Twenty states raised their minimum wage on Jan. 1, giving a much-needed pay hike to some of the most vulnerable workers during the COVID-19 pandemic.
New Jersey Governor Phil Murphy raised the state’s minimum wage by $1 to $12 an hour. Murphy, who is running for re-election this year, is working toward $15 an hour by 2024.
Proponents say the higher wage will help lift some low-income workers out of poverty, but critics say now is not the time to be squeezing small businesses already hurting during the pandemic.
“No more mandates,” Michele Siekerka, CEO of the New Jersey Business and Industry Association (NJBIA) told Yahoo Finance Live. “Businesses are strangled by mandates — every one of them costing money.”
Siekerka argued that small businesses in the state have been burdened by mandated shutdowns, indoor occupancy caps, reduced hours and the added cost of personal protective equipment and cleaning measures.
“Those who are going to be paying the additional dollar right now are those most dramatically affected by COVID and the slowdown in our economy in New Jersey,” said Siekerka. “We really have to think about who is the most directly impacted, and how could they possibly take another expense on their balance sheet right now, when they are significantly challenged on raising revenue, even just to keep their head above water?”
Siekerka said it’s important to recognize that those businesses who can afford to pay more than the minimum wage have already been doing that. She lobbied Murphy to implement an emergency delay option on the state’s minimum wage hike. Virginia, for instance, rolled back its $9.50 start date to May 1 from Jan. 1, citing economic hardship. “It’s just about hitting the pause button,” she said.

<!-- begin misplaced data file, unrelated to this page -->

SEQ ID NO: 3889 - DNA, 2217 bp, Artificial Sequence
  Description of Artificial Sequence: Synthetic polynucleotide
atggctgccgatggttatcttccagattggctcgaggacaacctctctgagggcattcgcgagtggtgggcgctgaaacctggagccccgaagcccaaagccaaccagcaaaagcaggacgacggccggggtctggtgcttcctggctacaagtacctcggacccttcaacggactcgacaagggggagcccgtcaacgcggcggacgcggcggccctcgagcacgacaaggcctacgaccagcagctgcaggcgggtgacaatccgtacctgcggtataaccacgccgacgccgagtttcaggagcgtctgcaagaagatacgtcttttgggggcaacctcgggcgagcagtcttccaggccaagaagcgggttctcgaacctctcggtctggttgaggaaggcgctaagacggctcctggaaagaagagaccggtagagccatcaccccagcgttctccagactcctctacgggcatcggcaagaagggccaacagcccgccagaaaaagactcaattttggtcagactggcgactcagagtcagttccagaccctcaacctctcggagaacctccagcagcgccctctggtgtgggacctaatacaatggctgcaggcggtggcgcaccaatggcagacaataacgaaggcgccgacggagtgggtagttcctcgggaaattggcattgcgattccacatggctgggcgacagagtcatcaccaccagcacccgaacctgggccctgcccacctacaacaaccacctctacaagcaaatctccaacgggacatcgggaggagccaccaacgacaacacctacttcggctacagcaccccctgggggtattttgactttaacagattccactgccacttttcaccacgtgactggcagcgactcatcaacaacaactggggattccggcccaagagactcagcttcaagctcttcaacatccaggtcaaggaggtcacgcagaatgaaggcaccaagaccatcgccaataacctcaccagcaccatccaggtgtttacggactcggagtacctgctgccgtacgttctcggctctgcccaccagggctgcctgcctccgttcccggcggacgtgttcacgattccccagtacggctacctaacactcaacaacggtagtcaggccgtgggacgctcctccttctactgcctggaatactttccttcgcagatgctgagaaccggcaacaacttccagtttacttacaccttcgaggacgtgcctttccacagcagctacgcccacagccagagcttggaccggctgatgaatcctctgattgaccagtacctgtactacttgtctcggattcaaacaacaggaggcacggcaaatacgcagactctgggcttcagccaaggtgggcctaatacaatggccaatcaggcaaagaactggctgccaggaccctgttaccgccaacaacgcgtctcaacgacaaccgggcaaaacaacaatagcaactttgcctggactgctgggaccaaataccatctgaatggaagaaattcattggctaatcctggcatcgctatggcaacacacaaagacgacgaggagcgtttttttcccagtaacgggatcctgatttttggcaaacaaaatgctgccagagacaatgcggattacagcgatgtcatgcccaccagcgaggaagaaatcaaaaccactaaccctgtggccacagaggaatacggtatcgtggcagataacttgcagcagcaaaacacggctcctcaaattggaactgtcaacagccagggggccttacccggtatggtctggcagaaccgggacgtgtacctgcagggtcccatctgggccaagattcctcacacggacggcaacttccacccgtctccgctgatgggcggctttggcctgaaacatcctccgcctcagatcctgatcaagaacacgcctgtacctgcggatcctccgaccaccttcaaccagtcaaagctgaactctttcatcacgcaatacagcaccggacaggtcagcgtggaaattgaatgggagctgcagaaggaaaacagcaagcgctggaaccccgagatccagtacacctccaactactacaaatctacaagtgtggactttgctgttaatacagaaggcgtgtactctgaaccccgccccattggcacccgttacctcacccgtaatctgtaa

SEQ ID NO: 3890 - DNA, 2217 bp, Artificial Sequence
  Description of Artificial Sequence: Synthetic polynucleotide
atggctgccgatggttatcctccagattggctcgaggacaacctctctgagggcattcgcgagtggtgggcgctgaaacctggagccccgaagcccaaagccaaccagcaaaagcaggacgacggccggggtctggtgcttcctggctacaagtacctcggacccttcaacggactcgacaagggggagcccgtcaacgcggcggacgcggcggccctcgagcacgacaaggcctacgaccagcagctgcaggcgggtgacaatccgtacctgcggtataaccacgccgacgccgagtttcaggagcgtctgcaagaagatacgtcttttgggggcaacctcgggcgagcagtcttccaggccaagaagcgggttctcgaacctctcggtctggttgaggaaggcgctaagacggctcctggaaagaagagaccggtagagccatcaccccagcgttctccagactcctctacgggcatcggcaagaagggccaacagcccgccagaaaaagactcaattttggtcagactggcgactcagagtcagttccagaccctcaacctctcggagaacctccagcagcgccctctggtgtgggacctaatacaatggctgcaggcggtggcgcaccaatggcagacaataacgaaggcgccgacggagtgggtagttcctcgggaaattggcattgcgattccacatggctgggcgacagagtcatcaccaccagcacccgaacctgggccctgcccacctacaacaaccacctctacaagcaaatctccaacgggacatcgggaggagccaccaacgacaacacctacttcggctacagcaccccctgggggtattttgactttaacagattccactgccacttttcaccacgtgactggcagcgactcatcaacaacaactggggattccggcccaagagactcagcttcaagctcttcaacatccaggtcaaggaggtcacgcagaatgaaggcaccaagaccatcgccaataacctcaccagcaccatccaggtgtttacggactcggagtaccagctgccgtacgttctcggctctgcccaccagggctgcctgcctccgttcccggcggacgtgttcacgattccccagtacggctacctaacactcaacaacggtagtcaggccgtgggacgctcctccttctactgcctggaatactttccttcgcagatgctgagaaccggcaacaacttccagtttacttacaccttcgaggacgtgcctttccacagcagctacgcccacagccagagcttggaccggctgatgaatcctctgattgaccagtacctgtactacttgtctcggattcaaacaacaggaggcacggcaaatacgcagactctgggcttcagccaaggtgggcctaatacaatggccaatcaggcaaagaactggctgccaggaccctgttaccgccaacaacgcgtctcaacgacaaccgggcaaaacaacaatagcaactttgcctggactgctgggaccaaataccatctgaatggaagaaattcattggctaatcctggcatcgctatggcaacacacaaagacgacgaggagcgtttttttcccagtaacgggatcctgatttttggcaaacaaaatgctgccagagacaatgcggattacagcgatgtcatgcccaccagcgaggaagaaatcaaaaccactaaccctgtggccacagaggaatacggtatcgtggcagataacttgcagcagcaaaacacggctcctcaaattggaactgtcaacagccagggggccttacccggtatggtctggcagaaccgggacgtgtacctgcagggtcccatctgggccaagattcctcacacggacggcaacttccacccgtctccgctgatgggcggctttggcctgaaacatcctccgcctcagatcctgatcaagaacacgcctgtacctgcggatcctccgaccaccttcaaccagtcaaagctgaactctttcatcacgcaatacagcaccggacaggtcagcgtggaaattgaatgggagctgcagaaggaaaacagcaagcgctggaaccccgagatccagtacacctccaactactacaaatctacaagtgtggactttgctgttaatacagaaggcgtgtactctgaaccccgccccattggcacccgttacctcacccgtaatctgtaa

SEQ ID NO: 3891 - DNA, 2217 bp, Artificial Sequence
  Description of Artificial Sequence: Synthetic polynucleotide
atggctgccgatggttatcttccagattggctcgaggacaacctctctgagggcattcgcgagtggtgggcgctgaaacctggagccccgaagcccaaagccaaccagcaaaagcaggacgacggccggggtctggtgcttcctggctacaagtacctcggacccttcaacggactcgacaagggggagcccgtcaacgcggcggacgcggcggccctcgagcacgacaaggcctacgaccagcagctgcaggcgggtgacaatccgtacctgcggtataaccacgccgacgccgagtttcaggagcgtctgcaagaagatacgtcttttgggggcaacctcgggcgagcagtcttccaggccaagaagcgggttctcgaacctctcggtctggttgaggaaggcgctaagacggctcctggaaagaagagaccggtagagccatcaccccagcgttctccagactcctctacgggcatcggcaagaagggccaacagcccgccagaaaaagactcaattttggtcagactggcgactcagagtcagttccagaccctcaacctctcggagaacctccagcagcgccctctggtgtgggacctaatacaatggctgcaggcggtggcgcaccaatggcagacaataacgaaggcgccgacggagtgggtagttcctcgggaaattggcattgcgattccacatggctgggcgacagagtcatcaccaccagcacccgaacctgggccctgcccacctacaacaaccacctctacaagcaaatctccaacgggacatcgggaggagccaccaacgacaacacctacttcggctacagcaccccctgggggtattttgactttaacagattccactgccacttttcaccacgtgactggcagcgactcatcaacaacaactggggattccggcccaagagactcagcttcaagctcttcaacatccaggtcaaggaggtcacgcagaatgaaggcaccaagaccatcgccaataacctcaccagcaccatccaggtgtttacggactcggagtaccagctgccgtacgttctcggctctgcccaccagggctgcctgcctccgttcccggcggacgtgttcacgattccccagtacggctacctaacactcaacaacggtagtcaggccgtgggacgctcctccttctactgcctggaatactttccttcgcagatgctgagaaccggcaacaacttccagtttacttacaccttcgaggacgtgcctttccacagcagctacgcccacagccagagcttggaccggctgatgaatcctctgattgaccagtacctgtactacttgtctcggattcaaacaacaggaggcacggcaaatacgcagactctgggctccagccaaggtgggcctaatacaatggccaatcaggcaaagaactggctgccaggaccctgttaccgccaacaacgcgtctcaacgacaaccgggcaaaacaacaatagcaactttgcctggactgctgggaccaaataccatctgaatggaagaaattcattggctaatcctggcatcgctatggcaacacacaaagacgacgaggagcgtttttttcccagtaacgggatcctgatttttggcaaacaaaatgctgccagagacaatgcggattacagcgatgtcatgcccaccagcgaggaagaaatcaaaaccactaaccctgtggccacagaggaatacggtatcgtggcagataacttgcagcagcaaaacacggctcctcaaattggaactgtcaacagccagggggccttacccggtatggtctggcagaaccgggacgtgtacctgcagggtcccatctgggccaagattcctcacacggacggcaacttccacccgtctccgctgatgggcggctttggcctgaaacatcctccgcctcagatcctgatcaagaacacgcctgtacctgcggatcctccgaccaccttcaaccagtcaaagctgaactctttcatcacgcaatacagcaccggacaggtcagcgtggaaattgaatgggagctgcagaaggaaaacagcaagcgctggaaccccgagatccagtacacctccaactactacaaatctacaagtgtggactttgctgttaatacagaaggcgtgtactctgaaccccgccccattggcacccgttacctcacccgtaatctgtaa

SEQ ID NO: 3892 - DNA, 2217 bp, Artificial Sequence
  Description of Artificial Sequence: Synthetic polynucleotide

Twenty-nine states now have minimum pay above the federal rate of $7.25, where it’s been stuck since 2009. The U.S. House of Representatives, led by Democrats, passed a bill in July 2019 that would gradually increase the federal minimum wage to $15 through 2025, but the measure died in the GOP-controlled Senate.
Siekerka fears the added wage expense will force businesses to tighten their belts in other ways.
“At the end of last year, we did an annual business outlook survey. And our members told us that either cutting jobs, cutting hours, increasing cost and cutting benefits were all on the table. And we don’t want to see any of those things happen, because all of those are negatives on our economy,” she said.
Siekerka is seeking more relief programs for small business from the state. On the federal level, she’s glad to see the latest stimulus bill include relief for nonprofits, something that was left out of the first round of pandemic relief.
“We’ll take anything that we can get,” said Siekerka. “These [nonprofits] are intricate to serving our vulnerable population and being the liaison to so many in the state. We need to make sure that they survive as well.”
Alexis Christoforous is an anchor and reporter for Yahoo Finance. Follow her on Twitter @AlexisTVNews.
Follow Yahoo Finance on Twitter, Facebook, Instagram, Flipboard, SmartNews, LinkedIn, YouTube, and reddit.
Find live stock market quotes and the latest business and finance news
For tutorials and information on investing and trading stocks, check out Cashay